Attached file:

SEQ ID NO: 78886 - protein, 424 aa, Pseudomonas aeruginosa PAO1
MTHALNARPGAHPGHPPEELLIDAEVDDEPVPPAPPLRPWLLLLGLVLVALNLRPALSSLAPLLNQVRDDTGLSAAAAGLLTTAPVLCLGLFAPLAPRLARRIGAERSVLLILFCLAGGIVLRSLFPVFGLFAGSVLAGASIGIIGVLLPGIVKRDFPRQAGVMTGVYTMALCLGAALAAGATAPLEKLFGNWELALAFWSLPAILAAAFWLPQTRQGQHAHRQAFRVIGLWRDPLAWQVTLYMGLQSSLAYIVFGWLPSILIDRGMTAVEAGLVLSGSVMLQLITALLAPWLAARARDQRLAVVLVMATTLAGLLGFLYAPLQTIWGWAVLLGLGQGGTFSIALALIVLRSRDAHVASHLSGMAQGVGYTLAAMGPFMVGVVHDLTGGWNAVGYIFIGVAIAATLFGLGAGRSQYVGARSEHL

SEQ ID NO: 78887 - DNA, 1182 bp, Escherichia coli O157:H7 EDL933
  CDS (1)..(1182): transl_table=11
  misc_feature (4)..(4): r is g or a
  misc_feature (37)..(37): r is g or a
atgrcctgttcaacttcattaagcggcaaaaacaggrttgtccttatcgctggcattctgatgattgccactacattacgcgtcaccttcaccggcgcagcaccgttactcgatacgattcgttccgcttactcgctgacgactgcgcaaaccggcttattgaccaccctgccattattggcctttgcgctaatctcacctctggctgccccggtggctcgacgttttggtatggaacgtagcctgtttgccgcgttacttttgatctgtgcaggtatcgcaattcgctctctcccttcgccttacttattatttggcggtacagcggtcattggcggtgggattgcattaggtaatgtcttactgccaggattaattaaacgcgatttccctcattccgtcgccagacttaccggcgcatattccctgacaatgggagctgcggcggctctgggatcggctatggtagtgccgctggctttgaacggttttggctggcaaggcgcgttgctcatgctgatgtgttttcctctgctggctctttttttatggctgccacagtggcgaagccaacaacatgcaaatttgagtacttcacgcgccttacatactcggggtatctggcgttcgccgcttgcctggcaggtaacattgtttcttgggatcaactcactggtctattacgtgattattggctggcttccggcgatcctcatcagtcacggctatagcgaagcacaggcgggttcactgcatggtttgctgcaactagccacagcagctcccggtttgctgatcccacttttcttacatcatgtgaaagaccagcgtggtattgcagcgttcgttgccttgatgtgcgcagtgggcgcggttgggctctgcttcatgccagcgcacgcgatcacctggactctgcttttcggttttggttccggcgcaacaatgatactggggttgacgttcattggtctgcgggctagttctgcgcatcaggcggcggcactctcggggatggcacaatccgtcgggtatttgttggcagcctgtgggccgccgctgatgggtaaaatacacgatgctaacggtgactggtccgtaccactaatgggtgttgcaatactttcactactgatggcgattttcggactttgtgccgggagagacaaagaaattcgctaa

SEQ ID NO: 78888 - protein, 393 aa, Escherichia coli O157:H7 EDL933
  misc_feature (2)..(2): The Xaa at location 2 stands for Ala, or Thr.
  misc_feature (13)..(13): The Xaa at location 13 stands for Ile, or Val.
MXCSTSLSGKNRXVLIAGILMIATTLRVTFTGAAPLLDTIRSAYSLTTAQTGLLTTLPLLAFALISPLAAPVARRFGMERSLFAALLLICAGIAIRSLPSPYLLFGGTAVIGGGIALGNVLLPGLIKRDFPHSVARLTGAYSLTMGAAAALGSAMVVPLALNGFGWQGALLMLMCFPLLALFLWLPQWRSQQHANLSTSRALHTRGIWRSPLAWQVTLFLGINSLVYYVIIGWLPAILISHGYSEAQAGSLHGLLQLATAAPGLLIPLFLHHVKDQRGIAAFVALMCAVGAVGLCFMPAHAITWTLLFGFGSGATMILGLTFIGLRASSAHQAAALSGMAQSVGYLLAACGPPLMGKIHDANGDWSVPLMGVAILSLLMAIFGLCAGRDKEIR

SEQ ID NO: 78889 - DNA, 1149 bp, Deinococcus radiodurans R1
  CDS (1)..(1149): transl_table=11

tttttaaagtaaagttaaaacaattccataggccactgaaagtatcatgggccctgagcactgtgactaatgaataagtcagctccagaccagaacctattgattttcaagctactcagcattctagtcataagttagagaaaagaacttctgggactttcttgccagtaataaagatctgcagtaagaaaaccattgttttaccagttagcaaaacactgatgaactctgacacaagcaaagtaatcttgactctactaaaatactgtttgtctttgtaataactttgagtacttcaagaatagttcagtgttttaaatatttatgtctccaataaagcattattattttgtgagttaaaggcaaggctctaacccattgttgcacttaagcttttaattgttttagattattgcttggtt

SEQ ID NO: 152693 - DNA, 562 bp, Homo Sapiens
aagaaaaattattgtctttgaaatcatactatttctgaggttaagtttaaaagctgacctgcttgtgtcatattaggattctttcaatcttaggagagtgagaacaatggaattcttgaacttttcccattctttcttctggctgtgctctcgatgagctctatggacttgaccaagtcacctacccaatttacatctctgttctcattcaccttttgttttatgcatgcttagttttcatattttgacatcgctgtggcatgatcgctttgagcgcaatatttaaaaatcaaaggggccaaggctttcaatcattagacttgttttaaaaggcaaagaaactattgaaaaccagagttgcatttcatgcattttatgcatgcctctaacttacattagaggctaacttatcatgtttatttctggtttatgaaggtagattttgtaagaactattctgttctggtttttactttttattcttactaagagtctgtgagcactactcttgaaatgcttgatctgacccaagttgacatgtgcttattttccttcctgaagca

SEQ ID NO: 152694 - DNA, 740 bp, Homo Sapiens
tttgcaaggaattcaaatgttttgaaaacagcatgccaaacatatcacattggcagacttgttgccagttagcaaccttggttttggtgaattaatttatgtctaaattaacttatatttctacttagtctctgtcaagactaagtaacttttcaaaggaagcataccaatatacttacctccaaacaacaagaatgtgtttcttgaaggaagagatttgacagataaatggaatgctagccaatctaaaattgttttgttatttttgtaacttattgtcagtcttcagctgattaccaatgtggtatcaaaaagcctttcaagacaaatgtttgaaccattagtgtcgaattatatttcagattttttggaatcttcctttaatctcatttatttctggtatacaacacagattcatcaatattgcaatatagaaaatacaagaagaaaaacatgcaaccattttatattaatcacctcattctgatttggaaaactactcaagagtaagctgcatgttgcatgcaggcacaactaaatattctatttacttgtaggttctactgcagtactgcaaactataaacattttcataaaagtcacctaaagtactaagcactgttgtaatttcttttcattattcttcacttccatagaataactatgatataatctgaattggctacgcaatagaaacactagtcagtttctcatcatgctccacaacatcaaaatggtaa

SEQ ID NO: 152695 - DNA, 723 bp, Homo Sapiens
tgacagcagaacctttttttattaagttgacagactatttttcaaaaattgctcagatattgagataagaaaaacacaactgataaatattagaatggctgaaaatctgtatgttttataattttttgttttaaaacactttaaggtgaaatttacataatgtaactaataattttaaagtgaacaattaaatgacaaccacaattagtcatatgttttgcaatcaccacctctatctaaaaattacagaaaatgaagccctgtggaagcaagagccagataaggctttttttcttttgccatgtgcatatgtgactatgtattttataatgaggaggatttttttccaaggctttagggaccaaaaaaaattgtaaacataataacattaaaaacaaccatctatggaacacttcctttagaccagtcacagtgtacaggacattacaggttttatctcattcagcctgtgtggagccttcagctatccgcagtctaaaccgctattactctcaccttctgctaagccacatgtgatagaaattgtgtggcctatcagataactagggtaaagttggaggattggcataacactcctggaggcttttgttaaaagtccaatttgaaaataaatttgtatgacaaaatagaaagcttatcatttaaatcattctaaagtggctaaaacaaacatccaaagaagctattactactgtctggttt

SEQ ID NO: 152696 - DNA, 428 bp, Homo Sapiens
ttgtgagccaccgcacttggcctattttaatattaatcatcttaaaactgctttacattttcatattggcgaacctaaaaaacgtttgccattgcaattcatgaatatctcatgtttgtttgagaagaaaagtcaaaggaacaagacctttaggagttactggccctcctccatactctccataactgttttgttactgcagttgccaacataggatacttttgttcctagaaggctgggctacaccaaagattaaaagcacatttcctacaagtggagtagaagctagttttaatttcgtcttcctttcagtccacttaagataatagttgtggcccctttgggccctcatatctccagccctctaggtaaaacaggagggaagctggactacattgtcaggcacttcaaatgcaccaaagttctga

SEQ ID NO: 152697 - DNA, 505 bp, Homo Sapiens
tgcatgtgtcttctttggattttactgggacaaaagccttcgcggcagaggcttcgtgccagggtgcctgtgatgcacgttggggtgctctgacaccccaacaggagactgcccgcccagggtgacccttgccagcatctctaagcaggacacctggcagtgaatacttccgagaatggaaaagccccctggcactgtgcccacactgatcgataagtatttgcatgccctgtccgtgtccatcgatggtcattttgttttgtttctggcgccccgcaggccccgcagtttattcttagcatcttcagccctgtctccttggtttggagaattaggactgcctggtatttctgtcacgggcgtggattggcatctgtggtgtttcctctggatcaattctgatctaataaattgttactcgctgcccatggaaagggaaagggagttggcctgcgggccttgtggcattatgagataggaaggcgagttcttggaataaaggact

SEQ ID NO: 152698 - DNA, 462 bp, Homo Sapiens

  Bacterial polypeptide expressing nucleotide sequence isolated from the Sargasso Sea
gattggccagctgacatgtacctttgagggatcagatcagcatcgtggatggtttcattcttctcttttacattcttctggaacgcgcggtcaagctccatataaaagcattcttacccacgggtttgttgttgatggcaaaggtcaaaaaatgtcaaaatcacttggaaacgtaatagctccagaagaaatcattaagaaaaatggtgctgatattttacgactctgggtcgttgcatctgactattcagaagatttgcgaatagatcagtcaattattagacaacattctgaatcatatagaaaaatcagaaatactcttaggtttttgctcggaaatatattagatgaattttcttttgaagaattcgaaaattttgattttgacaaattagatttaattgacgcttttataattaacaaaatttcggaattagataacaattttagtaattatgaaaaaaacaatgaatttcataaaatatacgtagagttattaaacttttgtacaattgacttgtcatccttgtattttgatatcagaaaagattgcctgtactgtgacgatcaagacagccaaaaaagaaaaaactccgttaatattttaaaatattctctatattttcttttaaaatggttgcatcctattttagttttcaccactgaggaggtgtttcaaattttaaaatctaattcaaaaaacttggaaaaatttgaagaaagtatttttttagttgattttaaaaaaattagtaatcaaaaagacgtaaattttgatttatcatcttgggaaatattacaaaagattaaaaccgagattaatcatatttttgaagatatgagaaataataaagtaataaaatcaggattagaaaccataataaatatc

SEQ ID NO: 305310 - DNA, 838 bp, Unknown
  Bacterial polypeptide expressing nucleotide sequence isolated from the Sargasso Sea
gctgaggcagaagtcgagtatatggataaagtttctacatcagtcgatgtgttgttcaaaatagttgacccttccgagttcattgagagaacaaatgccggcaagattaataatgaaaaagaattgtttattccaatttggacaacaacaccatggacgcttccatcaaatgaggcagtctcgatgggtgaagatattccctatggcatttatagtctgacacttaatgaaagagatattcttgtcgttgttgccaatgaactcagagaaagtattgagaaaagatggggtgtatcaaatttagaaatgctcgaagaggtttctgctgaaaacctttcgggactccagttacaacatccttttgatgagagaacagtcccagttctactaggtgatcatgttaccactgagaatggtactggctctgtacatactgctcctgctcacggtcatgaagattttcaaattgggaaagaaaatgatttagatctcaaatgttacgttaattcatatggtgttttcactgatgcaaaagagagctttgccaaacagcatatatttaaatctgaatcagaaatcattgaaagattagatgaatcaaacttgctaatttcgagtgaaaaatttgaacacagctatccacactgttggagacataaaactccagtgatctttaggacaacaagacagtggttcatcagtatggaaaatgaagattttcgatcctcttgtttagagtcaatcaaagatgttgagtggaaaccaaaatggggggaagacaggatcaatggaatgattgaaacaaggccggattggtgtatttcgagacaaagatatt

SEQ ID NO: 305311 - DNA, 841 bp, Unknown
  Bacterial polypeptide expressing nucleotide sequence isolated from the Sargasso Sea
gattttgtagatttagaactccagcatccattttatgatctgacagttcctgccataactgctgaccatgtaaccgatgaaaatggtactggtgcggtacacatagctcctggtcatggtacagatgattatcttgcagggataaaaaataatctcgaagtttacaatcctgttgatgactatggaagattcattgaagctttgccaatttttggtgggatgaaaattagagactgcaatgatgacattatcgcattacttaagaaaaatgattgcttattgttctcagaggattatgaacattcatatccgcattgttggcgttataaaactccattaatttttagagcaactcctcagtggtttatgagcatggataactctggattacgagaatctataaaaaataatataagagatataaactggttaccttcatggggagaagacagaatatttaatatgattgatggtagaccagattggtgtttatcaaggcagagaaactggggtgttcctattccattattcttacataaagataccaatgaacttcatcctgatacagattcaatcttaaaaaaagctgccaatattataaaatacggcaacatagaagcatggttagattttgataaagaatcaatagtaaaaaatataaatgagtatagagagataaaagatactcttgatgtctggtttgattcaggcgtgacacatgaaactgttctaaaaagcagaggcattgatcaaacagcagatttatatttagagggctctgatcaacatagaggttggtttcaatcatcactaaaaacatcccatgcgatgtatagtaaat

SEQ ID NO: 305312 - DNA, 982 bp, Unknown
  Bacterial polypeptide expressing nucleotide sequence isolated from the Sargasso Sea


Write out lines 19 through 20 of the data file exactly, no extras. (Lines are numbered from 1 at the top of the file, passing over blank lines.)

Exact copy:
SEQ ID NO: 152695 - DNA, 723 bp, Homo Sapiens
tgacagcagaacctttttttattaagttgacagactatttttcaaaaattgctcagatattgagataagaaaaacacaactgataaatattagaatggctgaaaatctgtatgttttataattttttgttttaaaacactttaaggtgaaatttacataatgtaactaataattttaaagtgaacaattaaatgacaaccacaattagtcatatgttttgcaatcaccacctctatctaaaaattacagaaaatgaagccctgtggaagcaagagccagataaggctttttttcttttgccatgtgcatatgtgactatgtattttataatgaggaggatttttttccaaggctttagggaccaaaaaaaattgtaaacataataacattaaaaacaaccatctatggaacacttcctttagaccagtcacagtgtacaggacattacaggttttatctcattcagcctgtgtggagccttcagctatccgcagtctaaaccgctattactctcaccttctgctaagccacatgtgatagaaattgtgtggcctatcagataactagggtaaagttggaggattggcataacactcctggaggcttttgttaaaagtccaatttgaaaataaatttgtatgacaaaatagaaagcttatcatttaaatcattctaaagtggctaaaacaaacatccaaagaagctattactactgtctggttt